First Burma Campaign (Hardback)
The First Ever Account of the Japanese Conquest of 1942
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Shortly after the British and Indian forces had withdrawn from Burma in the face of the Japanese onslaught in 1942, Colonel E.C.V. Foucar MC was instructed to undertake a ‘special duty’, namely seek out documentary material and information from the various officers involved in the First Burma Campaign. The final element of Foucar’s task was to write an account of the fighting, based on these many eyewitness accounts, for the Director of Military Training.
This fascinating narrative sets out the challenging geographical, climatic and political conditions the British were faced with in Burma as war became an increasing possibility throughout 1940 and 1941, before turning its attention to the dramatic events when the Japanese launched their ground assault on the country in January 1942.
There followed the ‘Disaster’ at Sittang Bridge, the fateful evacuation of Rangoon, and the march to the River Irrawaddy in an attempt to try and secure the north of Burma and its oilfields. But the loss of Rangoon meant the army was cut off from its supply base and the troops faced starving to death. With the Japanese closing in on the beleaguered British force, the decision was taken to abandon Burma and try to reach India. ‘The odds were we might escape either the Japanese, the failure of our supplies, or the monsoon, but our chances of avoiding all three were slender,’ declared General Alexander. His commander, General Wavell, wrote that, ‘operations were now a race with the weather as with the Japanese and as much a fight against nature as against the enemy’.
Along nothing more than rough country tracks up rugged hills and across rickety bridges constructed only of brushwood or bamboo the ragged, disease-ridden troops battled to reach India just as the monsoons broke. This, one of the most dramatic tales of the Second World War, was first described in detail by Colonel Foucar just after the events described and is now available for all to read.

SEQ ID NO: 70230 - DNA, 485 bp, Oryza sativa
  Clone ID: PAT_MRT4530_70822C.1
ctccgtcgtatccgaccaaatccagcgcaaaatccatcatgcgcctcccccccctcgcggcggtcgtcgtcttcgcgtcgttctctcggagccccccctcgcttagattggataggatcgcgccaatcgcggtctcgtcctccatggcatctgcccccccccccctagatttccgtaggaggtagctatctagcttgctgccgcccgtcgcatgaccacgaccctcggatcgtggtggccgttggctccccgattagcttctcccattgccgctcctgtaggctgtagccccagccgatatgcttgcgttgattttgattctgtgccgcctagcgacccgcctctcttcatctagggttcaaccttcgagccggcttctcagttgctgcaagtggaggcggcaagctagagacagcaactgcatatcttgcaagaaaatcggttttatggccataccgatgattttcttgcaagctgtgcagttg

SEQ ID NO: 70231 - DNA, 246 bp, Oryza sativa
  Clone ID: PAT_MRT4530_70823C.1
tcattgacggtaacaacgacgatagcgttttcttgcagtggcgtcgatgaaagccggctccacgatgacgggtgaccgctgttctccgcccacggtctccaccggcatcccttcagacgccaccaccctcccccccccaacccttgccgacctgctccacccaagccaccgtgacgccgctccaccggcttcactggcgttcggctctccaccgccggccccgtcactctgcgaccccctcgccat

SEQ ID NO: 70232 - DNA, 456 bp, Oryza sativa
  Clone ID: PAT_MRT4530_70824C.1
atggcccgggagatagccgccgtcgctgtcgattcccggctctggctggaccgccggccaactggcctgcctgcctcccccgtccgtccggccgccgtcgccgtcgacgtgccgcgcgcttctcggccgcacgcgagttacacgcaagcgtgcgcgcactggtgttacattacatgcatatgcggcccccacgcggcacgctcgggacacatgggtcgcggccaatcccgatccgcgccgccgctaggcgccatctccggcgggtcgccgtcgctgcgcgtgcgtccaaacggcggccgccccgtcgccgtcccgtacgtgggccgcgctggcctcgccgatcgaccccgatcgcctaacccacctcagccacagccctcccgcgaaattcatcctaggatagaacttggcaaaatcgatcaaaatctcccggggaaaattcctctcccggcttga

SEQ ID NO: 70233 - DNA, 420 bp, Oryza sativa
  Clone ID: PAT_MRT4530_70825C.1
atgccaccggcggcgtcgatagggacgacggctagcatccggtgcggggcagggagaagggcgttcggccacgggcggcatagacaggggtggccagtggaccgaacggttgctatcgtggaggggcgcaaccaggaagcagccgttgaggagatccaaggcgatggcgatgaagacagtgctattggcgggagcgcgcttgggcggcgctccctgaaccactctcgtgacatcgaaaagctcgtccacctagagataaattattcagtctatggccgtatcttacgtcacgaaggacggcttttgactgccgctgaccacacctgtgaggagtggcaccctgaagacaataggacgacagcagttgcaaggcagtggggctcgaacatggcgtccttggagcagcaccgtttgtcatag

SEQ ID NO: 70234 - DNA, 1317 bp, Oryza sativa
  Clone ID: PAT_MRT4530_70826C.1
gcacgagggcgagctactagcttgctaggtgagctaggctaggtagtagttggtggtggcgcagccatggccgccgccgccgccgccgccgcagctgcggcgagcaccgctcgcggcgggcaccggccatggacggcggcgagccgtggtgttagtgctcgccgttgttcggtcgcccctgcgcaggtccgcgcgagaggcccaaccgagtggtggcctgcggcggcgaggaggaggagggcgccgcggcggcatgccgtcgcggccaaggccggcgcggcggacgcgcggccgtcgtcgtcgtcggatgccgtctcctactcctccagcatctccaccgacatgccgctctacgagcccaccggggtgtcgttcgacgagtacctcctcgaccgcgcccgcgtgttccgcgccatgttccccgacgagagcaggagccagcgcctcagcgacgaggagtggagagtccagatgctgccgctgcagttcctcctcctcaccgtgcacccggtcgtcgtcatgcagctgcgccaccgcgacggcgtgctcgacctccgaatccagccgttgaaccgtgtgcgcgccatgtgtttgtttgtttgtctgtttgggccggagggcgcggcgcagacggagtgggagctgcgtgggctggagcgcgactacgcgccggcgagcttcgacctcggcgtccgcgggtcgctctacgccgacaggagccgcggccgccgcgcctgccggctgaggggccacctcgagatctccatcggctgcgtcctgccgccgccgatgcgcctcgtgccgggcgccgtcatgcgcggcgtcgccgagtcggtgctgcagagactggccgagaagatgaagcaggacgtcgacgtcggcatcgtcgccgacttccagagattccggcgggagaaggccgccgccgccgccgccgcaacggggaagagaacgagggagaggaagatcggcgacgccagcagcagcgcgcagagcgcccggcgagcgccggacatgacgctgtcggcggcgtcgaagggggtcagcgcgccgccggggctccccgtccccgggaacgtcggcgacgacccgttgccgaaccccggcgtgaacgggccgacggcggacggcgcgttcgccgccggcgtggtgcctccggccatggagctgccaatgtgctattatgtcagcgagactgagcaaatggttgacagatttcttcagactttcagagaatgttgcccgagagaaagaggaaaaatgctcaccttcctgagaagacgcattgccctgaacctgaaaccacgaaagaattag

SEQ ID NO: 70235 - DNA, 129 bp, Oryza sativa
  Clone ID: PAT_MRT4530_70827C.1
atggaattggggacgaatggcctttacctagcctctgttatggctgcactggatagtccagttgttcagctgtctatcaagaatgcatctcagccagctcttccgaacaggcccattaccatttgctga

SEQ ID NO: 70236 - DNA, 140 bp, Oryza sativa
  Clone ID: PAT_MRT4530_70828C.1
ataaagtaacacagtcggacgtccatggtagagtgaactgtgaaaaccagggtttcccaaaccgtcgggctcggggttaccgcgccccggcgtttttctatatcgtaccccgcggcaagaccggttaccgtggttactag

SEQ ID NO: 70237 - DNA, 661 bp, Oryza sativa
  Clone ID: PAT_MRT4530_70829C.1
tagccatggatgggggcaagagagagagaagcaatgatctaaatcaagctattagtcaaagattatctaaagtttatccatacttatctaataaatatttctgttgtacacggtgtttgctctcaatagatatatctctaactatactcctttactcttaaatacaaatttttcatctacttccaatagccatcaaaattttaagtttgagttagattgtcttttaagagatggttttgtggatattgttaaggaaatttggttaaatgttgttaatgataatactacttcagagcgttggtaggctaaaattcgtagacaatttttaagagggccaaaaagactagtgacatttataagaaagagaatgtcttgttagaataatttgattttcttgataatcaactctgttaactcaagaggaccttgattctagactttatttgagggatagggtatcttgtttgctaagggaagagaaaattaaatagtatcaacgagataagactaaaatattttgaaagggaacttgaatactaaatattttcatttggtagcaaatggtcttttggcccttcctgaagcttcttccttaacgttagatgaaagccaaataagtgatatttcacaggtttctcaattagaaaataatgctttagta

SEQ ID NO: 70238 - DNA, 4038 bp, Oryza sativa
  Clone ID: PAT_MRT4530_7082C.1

This is a fascinating and detailed account of a little recognised episode from the Second World War - the attempt by the British, along with Gurhka and Chinese forces - to hold the front in Burma and to repel the Japanese attempt to progress into India. Shortly after the British and Indian forces had withdrawn from Burma in the face of the Japanese onslaught in 1942, Colonel E.C.V. Foucar MC was instructed to undertake a ‘special duty’, namely seek out documentary material and information from the various officers involved in the First Burma Campaign.NetGalley, Sue Andrews
The campaign was in some ways a failure, as the troops had to withdraw, leaving the Japanese in control. They were hampered by poor supply chains, horrific jungle conditions, some antagonism or lack of c0-operation from the Burmese and struggles between the commanders, especially over who should command the combined forces. However, it did delay the Japanese, holding them in Burma until the monsoon, allowing India time to prepare its defence.
That the men fought bravely was not denied. However, Colonel Foucar does seem to see the events purely from the view of the British officer. He is quite disparaging on occasions about the efforts for the Gurkhas, Indians, Chinese and other natives. He also only records officers as individuals, the rest were just 'the men', and while he credits them with achievements and effort, he does not see them as individuals. However, he was writing as a contemporary, in the accepted style and mindset of that time.
This is a interesting book. Having never heard about this forgotten battle, i was Intrigued to know more. This book extensively explains all the details during and after the battle. It also, prior to the battle details, gives you a good introduction to Burma as a country. Intensive at time, but worth the read for any history buffs.NetGalley, Kamila Bouvier
A detailed historical account which gives a glimpse of some of the factors and consequences of the conflict between the Japanese and British in Burma in 1942.NetGalley, Rebecca Kearon-Wiles
Winston Churchill was under pressure. The Soviets felt that they were fighting the Germans by themselves. Stalin demanded that Britain should open a second front to draw German forces away from the east. Though the advice Churchill received from his staff was that an invasion of France would not be possible for at least another year, the British Prime Minister knew he had to do something to help the Russians. The result was a large-scale raid upon the port of Dieppe. It would not be the second front that Stalin wanted, but at least it would demonstrate Britain’s intent to support the Soviets…By An Official History
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